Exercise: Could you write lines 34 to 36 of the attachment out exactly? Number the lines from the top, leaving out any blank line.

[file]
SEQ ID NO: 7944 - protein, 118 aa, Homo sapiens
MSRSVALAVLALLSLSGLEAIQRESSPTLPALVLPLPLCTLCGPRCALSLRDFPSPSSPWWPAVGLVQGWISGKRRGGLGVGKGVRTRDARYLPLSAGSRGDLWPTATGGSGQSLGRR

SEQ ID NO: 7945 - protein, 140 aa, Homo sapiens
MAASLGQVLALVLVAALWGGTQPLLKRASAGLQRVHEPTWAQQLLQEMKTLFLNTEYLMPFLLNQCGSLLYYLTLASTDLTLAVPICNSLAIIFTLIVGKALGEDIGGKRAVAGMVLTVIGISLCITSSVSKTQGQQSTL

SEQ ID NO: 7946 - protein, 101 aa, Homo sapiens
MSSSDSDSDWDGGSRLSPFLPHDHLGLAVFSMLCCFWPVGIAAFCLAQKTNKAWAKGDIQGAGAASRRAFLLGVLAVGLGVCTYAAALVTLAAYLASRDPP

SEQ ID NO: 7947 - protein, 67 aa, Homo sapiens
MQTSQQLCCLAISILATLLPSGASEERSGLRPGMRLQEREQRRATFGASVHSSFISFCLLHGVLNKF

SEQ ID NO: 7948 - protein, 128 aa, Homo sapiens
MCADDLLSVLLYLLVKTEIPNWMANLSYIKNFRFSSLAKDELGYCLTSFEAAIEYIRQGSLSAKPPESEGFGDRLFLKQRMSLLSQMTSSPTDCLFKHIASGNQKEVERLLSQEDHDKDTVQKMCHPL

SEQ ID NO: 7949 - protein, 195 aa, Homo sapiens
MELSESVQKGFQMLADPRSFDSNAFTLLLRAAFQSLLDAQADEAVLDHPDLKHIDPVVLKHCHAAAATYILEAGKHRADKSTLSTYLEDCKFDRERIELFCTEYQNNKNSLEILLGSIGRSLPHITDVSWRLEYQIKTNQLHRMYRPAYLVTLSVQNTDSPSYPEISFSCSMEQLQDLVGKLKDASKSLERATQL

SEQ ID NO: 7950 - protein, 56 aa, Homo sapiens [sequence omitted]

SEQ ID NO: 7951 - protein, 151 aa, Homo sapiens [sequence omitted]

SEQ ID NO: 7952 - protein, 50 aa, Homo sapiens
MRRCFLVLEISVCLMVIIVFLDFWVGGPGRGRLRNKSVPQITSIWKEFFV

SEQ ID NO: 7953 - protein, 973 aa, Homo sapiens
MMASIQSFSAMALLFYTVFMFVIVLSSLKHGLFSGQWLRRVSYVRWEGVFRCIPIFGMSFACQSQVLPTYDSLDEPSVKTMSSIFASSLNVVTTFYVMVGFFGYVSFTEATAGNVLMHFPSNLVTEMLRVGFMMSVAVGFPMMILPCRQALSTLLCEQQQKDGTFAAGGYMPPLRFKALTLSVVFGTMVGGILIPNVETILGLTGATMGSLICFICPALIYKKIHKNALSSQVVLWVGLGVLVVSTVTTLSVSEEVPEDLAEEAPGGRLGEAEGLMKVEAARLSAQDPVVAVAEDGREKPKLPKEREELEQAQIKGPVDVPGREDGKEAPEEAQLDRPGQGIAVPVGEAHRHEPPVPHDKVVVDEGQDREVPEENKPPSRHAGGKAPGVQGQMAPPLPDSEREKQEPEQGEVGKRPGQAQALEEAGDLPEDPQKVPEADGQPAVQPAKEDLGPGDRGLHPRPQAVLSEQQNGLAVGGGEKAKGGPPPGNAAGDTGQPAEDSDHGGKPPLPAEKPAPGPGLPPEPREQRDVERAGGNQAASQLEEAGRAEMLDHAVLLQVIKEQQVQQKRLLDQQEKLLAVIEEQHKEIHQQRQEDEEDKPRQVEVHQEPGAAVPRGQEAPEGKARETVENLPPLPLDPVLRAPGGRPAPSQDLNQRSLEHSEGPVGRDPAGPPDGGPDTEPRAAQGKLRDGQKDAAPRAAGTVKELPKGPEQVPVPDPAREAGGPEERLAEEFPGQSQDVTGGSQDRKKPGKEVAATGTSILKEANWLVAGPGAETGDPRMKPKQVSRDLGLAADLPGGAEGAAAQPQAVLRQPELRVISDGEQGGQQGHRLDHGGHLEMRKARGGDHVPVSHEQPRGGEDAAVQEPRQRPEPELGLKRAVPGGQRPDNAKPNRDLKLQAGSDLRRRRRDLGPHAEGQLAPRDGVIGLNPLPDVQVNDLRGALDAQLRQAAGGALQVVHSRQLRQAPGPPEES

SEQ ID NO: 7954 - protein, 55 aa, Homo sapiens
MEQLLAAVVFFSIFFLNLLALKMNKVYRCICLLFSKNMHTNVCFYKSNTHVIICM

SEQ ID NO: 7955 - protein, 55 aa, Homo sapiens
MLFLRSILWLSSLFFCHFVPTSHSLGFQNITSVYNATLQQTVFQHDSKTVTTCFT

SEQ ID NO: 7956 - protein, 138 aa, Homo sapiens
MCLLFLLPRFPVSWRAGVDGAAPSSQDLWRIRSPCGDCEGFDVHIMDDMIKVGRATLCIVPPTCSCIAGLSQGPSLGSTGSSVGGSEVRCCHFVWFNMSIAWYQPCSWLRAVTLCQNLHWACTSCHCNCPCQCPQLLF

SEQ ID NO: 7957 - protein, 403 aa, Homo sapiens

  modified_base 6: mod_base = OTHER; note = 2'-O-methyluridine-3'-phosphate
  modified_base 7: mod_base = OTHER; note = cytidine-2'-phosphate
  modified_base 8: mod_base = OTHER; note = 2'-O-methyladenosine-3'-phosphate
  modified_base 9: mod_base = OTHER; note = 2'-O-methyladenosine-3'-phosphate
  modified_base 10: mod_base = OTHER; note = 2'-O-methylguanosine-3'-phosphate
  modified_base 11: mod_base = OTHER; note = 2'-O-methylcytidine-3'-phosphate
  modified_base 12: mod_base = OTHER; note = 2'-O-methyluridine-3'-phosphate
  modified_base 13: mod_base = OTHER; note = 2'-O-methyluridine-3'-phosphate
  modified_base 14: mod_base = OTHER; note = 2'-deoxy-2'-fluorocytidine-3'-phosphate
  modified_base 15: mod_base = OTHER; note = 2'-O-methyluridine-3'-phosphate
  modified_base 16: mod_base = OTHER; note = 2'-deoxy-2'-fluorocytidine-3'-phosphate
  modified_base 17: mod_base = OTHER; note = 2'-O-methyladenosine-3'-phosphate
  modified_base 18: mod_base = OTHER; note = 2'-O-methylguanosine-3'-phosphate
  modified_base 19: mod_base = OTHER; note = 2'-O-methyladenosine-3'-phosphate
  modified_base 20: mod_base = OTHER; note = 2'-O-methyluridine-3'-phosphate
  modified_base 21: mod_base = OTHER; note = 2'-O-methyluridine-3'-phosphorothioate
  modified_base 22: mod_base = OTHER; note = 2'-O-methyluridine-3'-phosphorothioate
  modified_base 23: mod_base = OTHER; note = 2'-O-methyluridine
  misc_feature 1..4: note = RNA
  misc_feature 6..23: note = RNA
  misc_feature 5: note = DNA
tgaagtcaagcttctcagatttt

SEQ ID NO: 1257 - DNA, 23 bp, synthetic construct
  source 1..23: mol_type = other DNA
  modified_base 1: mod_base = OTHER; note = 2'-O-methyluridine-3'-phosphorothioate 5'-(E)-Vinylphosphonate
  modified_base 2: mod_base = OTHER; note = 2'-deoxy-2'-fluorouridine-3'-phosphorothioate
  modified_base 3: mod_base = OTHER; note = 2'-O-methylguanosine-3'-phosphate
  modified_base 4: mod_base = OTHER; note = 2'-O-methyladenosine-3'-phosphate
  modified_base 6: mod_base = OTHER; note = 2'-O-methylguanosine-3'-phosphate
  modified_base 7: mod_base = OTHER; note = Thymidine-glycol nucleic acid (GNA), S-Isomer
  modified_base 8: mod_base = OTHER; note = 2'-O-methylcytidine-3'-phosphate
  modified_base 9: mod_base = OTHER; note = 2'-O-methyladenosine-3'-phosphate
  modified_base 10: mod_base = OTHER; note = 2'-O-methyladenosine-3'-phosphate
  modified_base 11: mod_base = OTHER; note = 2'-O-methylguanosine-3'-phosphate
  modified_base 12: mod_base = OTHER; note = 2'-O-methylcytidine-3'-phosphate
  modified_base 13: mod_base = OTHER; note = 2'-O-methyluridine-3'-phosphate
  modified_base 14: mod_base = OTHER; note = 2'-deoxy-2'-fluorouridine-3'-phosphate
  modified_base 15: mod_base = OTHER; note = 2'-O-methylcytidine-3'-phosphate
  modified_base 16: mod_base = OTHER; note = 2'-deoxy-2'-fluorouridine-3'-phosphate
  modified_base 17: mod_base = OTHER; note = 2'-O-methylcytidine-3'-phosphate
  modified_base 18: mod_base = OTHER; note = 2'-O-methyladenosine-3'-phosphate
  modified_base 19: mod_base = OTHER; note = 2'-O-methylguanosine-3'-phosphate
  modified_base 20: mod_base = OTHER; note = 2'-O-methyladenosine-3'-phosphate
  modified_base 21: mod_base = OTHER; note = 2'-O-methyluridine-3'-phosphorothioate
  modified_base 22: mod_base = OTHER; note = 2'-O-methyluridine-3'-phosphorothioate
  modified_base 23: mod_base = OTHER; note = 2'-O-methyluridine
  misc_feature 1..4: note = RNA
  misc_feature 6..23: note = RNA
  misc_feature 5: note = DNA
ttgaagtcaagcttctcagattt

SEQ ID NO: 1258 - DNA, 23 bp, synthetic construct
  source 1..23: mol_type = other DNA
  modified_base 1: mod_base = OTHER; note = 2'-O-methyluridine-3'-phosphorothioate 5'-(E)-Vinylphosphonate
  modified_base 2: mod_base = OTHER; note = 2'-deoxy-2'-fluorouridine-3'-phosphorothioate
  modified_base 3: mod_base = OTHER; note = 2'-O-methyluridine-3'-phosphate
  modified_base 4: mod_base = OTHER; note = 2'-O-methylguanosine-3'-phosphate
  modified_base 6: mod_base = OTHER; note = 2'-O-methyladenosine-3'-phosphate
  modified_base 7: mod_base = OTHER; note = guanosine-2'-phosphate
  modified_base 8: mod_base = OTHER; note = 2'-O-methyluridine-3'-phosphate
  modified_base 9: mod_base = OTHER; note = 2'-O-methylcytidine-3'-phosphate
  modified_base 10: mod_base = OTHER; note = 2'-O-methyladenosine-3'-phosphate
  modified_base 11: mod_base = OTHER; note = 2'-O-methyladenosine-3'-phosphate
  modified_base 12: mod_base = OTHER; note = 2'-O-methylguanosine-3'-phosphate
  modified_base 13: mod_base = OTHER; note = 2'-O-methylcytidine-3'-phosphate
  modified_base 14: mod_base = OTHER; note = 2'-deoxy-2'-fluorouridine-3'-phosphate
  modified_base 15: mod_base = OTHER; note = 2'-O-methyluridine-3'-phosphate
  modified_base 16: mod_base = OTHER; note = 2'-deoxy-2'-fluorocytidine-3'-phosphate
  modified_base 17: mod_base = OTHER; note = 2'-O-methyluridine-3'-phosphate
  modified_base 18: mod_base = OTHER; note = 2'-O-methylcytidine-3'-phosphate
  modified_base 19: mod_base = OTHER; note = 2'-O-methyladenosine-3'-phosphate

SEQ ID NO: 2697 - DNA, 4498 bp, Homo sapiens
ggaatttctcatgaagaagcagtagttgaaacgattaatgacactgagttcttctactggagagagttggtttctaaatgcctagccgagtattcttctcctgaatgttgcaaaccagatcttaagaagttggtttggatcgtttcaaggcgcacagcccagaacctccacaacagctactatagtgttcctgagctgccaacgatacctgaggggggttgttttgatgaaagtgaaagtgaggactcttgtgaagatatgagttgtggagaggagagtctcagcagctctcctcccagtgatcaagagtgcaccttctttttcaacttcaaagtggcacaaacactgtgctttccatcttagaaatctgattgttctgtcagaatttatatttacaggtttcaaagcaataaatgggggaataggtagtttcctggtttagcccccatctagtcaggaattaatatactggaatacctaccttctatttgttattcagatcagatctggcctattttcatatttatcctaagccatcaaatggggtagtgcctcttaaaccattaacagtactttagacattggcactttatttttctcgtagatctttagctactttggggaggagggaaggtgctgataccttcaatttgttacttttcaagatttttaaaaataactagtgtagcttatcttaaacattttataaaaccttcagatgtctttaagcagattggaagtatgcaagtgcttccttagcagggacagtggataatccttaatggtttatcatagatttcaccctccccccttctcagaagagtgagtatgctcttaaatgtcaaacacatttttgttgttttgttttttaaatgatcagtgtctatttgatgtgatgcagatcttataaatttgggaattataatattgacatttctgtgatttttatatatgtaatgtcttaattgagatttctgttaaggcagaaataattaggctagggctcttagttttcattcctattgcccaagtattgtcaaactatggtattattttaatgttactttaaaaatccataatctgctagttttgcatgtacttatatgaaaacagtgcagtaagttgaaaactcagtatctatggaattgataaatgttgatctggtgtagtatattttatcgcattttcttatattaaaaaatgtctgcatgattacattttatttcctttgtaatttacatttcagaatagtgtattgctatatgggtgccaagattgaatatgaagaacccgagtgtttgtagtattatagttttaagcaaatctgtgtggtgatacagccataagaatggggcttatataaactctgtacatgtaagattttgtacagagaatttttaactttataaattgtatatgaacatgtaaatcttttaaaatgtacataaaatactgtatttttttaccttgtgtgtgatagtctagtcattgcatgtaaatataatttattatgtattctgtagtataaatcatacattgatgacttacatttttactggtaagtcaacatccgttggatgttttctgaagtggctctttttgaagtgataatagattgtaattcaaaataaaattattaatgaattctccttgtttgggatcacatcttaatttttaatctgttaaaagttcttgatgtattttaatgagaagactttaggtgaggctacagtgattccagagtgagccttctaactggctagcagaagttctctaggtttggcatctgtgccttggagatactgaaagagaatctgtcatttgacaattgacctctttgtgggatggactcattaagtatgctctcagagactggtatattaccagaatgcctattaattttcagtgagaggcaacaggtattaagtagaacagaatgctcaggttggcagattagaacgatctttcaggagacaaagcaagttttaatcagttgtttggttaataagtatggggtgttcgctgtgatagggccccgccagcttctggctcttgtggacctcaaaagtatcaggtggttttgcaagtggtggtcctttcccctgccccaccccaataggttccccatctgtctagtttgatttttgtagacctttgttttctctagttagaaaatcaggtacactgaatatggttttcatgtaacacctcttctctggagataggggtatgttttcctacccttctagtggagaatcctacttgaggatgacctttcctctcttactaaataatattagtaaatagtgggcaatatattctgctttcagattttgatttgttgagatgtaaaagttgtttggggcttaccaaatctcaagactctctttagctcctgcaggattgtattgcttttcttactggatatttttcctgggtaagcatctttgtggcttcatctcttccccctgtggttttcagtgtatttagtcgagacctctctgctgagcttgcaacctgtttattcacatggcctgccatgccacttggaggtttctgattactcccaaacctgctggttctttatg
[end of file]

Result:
  modified_base 14: mod_base = OTHER; note = 2'-deoxy-2'-fluorocytidine-3'-phosphate
  modified_base 15: mod_base = OTHER; note = 2'-O-methyluridine-3'-phosphate
  modified_base 16: mod_base = OTHER; note = 2'-deoxy-2'-fluorocytidine-3'-phosphate